­­Peter Cowhey peels back the layers on cybersecurity

In his fifth year co-teaching cybersecurity at GPS, the dean reflects on how the course has evolved and what he also has learned from it

By Sarah Pfledderer | GPS News

Dean Cowhey, Dean of GPS

Some students at the UC San Diego School of Global Policy and Strategy (GPS) will be seeing a little more of their dean, Peter Cowhey, this spring.

Cowhey, who joined the faculty in 1976 and holds the Qualcomm Endowed Chair in Communications and Technology Policy, returns to the classroom to teach cybersecurity this quarter alongside Professor Stefan Savage of the UC San Diego Department of Computer Science and Engineering.

The course, which the professors have teamed up on for the past several years, tackles the challenges of improving cybersecurity in the U.S. and globally.

Beyond this description, Cowhey said, the course also represents an emerging interest from scientists and engineers such as at Scripps Institution of Oceanography and Jacobs School of Engineering to collaborate with policy scholars at GPS on areas that are technically detailed and deep in policy analytics.

“It’s very easy to get together in a room and talk on a superficial level about technology and the policy,” Cowhey said. “But to really dig into the details and figure out how the two work together, that’s hard work.”

And it’s exactly what he and Savage challenge their students to do.

Understanding cybersecurity challenges

“There are no magic fixes for cybersecurity,” Cowhey explained. “It’s a set of evolving, ongoing problems that requires a multilayered policy response to reduce risks of cybersecurity threats.”

To that end, Cowhey likens problems of cybersecurity to those of public health.

Consider the analogy of cleaning up sewage systems, he suggested, tagging this as “the largest, single improvement in public health in the world.” A second layer to improving public health was vaccines, and then emergency response to outbreaks and disease such as Ebola represents a third layer.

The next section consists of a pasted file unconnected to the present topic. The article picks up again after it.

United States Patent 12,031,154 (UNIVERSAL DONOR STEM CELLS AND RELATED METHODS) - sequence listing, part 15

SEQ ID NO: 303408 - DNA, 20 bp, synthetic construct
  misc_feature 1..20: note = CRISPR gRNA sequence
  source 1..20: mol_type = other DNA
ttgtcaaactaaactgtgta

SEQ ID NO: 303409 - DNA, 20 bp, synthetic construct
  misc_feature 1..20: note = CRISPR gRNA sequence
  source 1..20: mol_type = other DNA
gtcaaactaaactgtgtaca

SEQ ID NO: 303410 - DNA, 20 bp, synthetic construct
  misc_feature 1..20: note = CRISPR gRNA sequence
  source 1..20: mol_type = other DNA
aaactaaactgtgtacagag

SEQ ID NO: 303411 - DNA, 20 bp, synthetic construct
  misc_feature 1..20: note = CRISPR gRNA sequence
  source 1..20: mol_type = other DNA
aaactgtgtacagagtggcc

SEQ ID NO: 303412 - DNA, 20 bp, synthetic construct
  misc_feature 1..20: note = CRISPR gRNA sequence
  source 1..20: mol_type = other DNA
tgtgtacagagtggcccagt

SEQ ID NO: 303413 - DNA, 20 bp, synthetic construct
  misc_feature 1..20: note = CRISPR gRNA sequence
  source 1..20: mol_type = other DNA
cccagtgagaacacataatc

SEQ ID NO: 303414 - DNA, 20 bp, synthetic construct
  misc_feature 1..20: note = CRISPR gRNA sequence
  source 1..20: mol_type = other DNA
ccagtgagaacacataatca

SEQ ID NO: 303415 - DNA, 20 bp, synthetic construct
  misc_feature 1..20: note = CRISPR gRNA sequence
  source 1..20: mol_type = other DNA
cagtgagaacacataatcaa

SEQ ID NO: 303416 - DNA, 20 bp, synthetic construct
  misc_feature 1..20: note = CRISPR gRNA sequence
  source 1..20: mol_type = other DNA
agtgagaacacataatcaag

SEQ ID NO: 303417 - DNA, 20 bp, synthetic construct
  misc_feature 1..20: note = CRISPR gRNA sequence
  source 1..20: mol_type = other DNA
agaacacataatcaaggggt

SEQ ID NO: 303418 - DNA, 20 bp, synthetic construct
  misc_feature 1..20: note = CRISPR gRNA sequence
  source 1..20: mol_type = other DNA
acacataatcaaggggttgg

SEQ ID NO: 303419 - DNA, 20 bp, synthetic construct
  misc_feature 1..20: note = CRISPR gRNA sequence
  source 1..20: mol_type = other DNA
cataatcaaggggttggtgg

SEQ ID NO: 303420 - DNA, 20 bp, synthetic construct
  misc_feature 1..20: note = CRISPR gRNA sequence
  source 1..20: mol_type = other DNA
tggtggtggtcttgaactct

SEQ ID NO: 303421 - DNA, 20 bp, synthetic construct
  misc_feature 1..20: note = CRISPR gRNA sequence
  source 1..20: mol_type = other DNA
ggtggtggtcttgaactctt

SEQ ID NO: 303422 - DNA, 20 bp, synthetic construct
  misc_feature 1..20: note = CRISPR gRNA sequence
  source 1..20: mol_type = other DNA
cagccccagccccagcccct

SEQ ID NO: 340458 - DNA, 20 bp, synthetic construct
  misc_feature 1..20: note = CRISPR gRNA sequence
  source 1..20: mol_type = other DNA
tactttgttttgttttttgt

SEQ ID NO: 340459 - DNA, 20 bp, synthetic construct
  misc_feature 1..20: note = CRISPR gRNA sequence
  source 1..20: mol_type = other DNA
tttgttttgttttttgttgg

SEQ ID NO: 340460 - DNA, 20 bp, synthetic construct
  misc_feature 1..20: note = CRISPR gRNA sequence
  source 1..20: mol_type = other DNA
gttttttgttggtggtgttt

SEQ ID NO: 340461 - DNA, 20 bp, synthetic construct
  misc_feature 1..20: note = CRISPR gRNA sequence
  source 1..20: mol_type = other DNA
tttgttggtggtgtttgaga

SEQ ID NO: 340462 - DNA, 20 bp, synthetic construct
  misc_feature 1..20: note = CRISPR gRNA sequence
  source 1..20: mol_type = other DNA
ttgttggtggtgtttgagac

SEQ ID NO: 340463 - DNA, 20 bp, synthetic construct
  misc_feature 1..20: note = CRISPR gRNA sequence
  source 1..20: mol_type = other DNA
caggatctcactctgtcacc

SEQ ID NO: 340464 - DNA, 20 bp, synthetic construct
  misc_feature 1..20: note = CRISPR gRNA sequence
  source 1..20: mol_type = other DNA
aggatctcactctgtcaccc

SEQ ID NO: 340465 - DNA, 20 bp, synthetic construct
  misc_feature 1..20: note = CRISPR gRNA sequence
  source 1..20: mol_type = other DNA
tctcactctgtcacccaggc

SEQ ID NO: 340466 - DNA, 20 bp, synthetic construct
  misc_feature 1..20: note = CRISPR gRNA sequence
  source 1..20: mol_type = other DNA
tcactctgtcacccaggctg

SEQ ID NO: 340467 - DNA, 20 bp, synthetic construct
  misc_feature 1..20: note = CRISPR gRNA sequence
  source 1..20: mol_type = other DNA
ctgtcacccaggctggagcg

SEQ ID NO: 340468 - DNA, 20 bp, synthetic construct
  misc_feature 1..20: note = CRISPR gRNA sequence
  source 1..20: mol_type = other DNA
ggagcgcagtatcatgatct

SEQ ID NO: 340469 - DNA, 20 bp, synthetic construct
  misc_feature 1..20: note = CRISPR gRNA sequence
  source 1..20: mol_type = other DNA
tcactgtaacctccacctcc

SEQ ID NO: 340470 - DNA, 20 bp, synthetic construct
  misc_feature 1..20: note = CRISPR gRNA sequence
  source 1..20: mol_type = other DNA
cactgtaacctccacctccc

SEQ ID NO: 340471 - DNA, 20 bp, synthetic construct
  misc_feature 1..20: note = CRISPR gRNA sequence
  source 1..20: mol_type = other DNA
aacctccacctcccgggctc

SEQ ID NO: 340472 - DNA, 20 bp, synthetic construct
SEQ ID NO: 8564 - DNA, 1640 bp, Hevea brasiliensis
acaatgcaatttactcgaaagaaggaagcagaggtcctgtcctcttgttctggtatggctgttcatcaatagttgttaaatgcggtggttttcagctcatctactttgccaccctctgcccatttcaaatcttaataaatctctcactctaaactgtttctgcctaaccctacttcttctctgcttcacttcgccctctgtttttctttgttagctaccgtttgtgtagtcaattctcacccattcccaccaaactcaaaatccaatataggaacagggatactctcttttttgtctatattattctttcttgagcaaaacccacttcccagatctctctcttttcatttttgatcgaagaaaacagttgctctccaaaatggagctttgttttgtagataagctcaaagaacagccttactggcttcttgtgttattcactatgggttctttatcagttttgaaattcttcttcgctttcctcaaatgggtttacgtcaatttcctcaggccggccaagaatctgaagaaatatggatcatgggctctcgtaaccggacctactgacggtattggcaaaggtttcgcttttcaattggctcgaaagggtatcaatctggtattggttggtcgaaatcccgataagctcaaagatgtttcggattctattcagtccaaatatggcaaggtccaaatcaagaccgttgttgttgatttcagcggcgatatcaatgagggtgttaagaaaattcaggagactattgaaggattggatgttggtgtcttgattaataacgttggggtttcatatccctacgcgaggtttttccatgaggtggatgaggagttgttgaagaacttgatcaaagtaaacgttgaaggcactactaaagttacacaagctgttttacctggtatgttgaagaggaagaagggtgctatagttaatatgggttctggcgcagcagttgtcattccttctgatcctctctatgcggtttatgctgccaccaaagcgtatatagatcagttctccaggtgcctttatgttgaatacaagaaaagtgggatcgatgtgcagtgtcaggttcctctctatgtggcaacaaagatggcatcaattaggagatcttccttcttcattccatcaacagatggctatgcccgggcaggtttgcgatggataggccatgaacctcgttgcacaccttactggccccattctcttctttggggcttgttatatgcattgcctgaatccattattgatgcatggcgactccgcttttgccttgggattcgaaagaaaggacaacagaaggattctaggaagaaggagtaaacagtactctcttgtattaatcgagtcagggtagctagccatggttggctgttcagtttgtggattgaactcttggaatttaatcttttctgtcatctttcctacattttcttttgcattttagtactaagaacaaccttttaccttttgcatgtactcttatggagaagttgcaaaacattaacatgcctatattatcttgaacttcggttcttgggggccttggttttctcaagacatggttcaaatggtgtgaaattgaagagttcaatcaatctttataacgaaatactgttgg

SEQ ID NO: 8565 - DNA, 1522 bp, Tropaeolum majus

“Cybersecurity is quite similar,” Cowhey said. “There’s a basic infrastructure we need to invest in to make our systems more secure. There are some specific technology fixes to respond to threats that are a lot like vaccines. Then, there’s a need for rapid, emergency responses.”

This of which Cowhey formed a realization of in his past 40 years as an academic and public policymaker, including serving as a senior counselor and then chief of the International Bureau of the Federal Communications Commission and senior counselor to the Office of the U.S. Trade Representative under Presidents Bill Clinton and Barack Obama, respectively.

It’s this real-world policy experience combined with Savage’s strengths in technology that progresses the cybersecurity course year by year, the professors concur.

Stefan SavageGetting students on the same page

Noting Savage has taught him about the technology affecting cybersecurity, Cowhey said: “The course has evolved because Stefan and I have used it to teach each other about our expertise. I hope that maybe I’ve taught him something about how to think about the policy considering cybersecurity.”

Savage, who also recently received the 2015 Association for Computing Machinery-Infosys Foundation Award, assures he has.

“From Peter, I learned that our mechanistic lens was not the right way to look at how policies are formed or what makes them work,” Savage said. “He also helped me understand better the ways in which cyber is not a unique policy domain, and that there are lessons to be applied from past policy conflicts.”

Recollecting on he and Cowhey’s first year of teaching the course, Savage expressed the challenge of making students with different academic backgrounds (engineering and policy) see eye to eye.

“Over time, one of the things we learned was to get the students talking across disciplines early and to tie projects to current events about which there was significant information,” Savage said. Hosting discussions outside of the classroom and bringing in speakers ranging from federal prosecutors to lobbyists, security technologists and others has proven effective, too, he added.

Cowhey added the most rewarding part of the cybersecurity course is seeing GPS students working in teams with students studying computer science.

“When the chemistry really takes off, they will explore in depth a particular problem in ways that surprise us,” he said. “The best teams create projects that are a source of discovery for us.”

For Cowhey, those moments even sometimes inspire his work outside of the classroom.

“This course has influenced a chapter in my new book,” he divulged. “That chapter on cybersecurity suggests a number of policy findings that we have to act upon if we’re to improve the security of cyber.”

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